On "Skating"

Revised as of 1/28/15, Skating is my most finished piece to date. It's from a three-movement work called Three Winter Scenes.  It's an impressionistic piece, intended to depict skaters on a frozen pond or river, and attempts to capture the exhilaration of being outside on a cold but beautiful winter day, as well as the elements of snow, sun, clouds, etc. Sounds are Garritan, Vienna, Cinematic Strings2 and EWSO Gold, as well as some sounds from Sonar. While I strive for transparency, I realize that there may not be enough expression for some listeners. My style might be called Baroque Impressionism. The variation arises between sections, more than within individual instruments. Much Baroque music is like this. Also, while not being contrapuntal in a strict sense, there is a good deal of part writing. My intention is that, out of the various parts, a form arises, in which the voices create a multi-layered whole, which presents the listener with a subtly changing palette of colors. For this version I added a saxophone.

Here is a link for the Wave version:


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  • I just finished listening to SKATING, reading the comments posted as I did so. Here's a quick, random list of thoughts.

    • Though it may be the one thing that we detest hearing, if not followed by specifics, I also have to say that "I liked it." Onward ...
    • A comment was made about a melody here and there, but no continuity. I agree and disagree. Yes, there are scattered snatches of melody, but that in itself is not bad IF there is a main theme that guides the work. And yes, I could hear a wonderful theme, for the most part, throughout the work. Except for the flute solo. This interlude seems to hang by itself in the middle of the work, neither truly conecting to what came before, or after, nor expressing the main theme, or an alternative theme that subsequently continues. Theme is more than melody, and perhaps difficult at times to define, but without the flute solo, your work as a solid main theme from start to finish.
    • Lastly, when composing, remember that "less is more". That is, in order to continually engaging the listener, you need to vary the number and type of instruments playing at any given point. For example, why not slip into a woodwind quartet, or a string quartet using the first seats in each section? Just a thought.
  • You're right Bob, I need to do something about that, and I will. Thanks for pointing it out.

  • I noticed that this discussion was listing 'upwards'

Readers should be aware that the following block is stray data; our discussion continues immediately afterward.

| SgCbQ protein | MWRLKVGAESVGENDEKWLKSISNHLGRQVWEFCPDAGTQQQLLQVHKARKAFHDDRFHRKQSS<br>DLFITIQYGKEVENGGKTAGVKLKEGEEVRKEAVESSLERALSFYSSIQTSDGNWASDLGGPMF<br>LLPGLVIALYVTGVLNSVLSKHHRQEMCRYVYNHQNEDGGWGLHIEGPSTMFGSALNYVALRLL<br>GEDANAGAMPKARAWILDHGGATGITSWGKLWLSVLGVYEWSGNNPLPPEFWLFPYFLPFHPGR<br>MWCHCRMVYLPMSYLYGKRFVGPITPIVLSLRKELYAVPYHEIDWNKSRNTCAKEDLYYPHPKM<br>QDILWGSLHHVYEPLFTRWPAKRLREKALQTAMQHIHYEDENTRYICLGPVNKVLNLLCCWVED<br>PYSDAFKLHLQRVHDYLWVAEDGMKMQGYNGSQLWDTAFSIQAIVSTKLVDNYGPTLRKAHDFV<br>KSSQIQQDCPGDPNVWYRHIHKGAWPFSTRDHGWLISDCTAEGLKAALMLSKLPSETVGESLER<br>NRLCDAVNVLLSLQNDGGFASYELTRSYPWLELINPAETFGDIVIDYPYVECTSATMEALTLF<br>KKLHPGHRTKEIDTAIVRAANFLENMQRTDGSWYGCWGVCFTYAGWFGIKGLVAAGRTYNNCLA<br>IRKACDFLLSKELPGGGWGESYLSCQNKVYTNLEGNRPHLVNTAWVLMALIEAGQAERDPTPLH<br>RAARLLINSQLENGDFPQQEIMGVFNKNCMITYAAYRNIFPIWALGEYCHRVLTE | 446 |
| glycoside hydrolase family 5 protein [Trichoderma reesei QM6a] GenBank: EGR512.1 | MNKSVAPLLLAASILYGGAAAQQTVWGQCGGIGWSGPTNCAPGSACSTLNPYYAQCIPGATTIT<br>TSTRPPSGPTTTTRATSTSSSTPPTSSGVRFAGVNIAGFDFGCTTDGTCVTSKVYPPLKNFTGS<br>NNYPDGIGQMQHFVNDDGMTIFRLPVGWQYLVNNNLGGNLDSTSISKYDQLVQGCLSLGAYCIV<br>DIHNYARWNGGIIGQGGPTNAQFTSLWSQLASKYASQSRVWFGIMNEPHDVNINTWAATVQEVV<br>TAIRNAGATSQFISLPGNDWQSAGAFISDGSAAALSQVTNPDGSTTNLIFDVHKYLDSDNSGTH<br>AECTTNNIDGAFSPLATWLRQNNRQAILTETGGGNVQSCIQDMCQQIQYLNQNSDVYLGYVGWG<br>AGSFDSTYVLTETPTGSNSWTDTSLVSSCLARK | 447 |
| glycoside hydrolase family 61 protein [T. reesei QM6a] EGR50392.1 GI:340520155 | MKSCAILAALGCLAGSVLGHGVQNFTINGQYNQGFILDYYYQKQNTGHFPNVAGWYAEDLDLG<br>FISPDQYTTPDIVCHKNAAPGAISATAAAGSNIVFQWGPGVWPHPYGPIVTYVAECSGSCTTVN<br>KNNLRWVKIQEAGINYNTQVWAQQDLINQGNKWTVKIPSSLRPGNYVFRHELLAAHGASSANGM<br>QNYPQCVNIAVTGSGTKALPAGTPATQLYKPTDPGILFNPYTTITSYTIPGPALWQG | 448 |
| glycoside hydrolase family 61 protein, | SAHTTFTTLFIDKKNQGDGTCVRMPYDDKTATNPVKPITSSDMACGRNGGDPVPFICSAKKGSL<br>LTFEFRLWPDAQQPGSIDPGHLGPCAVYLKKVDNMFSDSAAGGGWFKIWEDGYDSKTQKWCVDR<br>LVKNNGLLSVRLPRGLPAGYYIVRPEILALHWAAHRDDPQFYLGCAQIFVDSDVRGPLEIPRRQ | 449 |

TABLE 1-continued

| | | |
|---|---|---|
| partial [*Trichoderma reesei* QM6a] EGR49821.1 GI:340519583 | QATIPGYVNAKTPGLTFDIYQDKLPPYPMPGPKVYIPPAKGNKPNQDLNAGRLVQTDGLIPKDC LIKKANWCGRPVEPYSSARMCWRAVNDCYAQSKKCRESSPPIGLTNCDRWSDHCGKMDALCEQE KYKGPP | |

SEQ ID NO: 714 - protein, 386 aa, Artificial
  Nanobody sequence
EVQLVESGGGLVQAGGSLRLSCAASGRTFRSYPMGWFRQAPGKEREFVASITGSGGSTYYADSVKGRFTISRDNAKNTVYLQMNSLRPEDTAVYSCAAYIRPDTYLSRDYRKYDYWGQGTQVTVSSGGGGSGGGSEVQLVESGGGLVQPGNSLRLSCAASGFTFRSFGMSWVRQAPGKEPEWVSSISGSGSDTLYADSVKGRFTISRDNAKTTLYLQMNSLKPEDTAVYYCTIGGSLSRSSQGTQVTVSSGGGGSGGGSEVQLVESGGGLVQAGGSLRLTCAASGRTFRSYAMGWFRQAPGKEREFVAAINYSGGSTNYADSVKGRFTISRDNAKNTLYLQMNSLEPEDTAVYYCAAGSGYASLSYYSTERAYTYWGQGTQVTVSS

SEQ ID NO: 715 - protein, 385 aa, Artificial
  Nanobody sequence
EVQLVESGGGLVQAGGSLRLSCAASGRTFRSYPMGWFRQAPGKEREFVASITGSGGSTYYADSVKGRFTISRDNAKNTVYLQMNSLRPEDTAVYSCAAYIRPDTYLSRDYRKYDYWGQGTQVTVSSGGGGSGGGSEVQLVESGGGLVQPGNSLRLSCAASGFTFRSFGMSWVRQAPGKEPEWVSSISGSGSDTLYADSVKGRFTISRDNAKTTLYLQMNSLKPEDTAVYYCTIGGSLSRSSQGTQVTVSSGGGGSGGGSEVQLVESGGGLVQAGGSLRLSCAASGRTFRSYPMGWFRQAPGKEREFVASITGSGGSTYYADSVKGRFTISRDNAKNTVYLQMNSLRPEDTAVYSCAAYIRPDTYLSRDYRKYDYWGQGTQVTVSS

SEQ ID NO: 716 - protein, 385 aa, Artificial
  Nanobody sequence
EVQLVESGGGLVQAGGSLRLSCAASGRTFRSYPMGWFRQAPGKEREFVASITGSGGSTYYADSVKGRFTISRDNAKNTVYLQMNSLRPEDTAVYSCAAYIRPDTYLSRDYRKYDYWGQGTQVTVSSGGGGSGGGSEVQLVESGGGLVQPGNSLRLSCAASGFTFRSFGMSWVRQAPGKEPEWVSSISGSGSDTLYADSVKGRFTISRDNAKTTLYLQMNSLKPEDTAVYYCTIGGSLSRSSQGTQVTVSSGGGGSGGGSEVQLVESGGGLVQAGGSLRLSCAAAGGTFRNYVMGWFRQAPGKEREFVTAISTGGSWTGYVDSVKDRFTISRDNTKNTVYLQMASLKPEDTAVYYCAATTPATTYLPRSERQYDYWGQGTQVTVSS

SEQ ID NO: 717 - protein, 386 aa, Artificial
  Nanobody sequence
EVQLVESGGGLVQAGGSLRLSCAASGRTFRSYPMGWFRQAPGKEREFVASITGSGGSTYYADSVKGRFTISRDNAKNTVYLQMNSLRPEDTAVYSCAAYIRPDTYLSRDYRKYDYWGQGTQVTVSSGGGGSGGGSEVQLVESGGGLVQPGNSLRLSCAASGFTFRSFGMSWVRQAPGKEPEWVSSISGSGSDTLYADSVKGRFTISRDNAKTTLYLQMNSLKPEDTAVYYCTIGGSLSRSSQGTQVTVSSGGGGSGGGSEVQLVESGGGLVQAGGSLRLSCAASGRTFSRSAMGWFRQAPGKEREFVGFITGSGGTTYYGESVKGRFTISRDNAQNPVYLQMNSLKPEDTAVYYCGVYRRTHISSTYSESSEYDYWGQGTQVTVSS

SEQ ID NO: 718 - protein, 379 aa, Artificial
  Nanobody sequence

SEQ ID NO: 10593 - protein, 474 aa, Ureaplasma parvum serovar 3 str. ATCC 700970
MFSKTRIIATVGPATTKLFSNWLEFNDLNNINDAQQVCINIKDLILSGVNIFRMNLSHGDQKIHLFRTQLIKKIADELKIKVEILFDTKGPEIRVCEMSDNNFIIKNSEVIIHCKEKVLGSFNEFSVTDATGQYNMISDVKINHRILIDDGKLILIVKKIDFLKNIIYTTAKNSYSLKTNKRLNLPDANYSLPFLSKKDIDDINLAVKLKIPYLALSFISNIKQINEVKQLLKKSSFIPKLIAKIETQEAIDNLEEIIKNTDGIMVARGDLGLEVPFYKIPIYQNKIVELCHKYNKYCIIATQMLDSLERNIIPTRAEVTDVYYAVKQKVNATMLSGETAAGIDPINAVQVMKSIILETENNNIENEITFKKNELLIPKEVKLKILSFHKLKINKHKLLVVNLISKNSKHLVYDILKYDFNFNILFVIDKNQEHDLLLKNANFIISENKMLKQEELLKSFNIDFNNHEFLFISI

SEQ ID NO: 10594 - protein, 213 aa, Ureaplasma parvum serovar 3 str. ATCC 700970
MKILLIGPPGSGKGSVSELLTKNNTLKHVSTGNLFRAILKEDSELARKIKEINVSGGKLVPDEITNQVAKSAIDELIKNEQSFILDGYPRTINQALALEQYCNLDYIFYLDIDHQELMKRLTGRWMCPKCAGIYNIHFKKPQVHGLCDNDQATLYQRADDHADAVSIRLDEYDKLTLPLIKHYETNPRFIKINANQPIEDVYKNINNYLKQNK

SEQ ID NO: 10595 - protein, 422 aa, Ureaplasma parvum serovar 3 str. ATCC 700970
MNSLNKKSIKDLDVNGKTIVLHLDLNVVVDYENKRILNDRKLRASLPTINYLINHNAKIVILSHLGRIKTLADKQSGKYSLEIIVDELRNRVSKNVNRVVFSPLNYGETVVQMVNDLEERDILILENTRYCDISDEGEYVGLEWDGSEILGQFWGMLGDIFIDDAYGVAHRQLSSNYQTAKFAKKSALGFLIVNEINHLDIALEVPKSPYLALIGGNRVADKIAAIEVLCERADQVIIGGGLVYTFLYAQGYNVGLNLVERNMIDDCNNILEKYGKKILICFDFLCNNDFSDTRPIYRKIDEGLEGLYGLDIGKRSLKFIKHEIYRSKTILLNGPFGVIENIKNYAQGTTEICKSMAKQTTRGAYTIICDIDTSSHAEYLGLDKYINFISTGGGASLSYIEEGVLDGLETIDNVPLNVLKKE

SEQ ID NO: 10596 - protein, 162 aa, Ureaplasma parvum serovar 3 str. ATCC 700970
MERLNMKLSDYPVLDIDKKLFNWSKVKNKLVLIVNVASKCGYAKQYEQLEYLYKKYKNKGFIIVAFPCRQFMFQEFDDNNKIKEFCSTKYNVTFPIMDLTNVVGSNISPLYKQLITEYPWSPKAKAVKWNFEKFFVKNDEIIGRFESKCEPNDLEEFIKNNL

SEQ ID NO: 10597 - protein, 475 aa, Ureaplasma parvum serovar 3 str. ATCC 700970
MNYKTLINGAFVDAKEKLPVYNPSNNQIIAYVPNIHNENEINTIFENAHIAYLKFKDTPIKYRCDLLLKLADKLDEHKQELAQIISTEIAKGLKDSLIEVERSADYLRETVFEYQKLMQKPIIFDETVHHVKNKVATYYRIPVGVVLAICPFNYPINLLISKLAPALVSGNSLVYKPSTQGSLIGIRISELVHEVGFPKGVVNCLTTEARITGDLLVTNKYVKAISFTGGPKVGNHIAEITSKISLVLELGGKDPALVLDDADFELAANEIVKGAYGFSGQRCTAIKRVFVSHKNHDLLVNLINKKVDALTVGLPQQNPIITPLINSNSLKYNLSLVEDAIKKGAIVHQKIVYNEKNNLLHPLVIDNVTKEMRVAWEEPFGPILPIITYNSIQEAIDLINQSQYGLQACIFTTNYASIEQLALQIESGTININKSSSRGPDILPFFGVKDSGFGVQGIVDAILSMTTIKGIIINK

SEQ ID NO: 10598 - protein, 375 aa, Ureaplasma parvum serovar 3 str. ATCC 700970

instead of the usual. Did the format change or do you

    live in the southern hemisphere? lol

    (no need to reply, I was killing time waiting for the world to end)

  • Interesting, Roger. There are a lot of pauses, I'll admit. But that is just part of my style. to be honest, I don't think it does that great a job of conjuring up skaters, either. Actually, I spent more time just trying to paint the general scene, the wind, snow, clouds, etc. Maybe I'll think about renaming it.

    Bob: I just don't have a very good flute, so I have to use a Garritan, and it is very hard to get it sound it natural. I'll see what I can do about it. Maybe I can get someone to actually play just the solo, although I don't know any flutists.

  • Micky D, I heard some interesting melody lines here and there

    but it lacked, for me, the continuity to vizualize your title- Skating.

    It came across more as a grouping of slides (a slideshow),

     or snippets, one after the other.   RS

  • Thanks Fred. I do see the flute solo as somewhat problematic.  But it's supposed to represent a child attempting some tricky maneuvers, and the whole-tones seem to fit that. I mark it Rubato (yes, there is a a score, it's just not postable), so I think the actual sound would be better with a good soloist.

    Thanks also Michael. Yes, my orchestration gets muddy at times. I just love thick string textures. My hope, again, is that an actual performance might sound better. but you may be right, more pizz bass might be good.

  • Hi Michael.
    Good growth and development.
    Majestic ending.
    I did feel the sound was a bit heavy at times, perhaps more use of bass pizz would give it more lightness.
  • Thanks for listening and commenting, Bob. As for it sounding Baroque, I mean this only in a very general sense, in that it is very polyphonic, but not in the way Baroque music actually is. Also, there is less dynamic variation than in Romantic music. I seem to be challenged in that regard. I tend to rely on adding and subtracting instruments to do this, rather than large swings in the dynamic level. This is similar to some Baroque music, where there may be very little dynamic variation.

    The flute solo is marked Rubato, so I expect the soloist to do whatever they want with it. It's supposed to represent a child, or not very coordinated adult, attempting some tricky maneuvers on the ice, so Rubato would work well there.

    I'm not sure which arpeggios you're referring to. On the brass, or the sax? It's a tenor sax, by the way.

    reverb is one of the most difficult things to get right. I never really know whether it is, and different people seem to have different ideas about what is right. It will be interesting to see how others see this.

    Anyway, thanks again for commenting! (The reason I don't post in Analysis, aside from not having up to date scores, is because I'm in the process of bringing all my completed works up to speed, and posting them on my page. As they are all full orchestra works, all but one multi-movement, this is very time consuming. someday I hope to continue work on new pieces, but these are all essentially finished so the musical problems are mostly solved, it's a question of getting them to sound decent).

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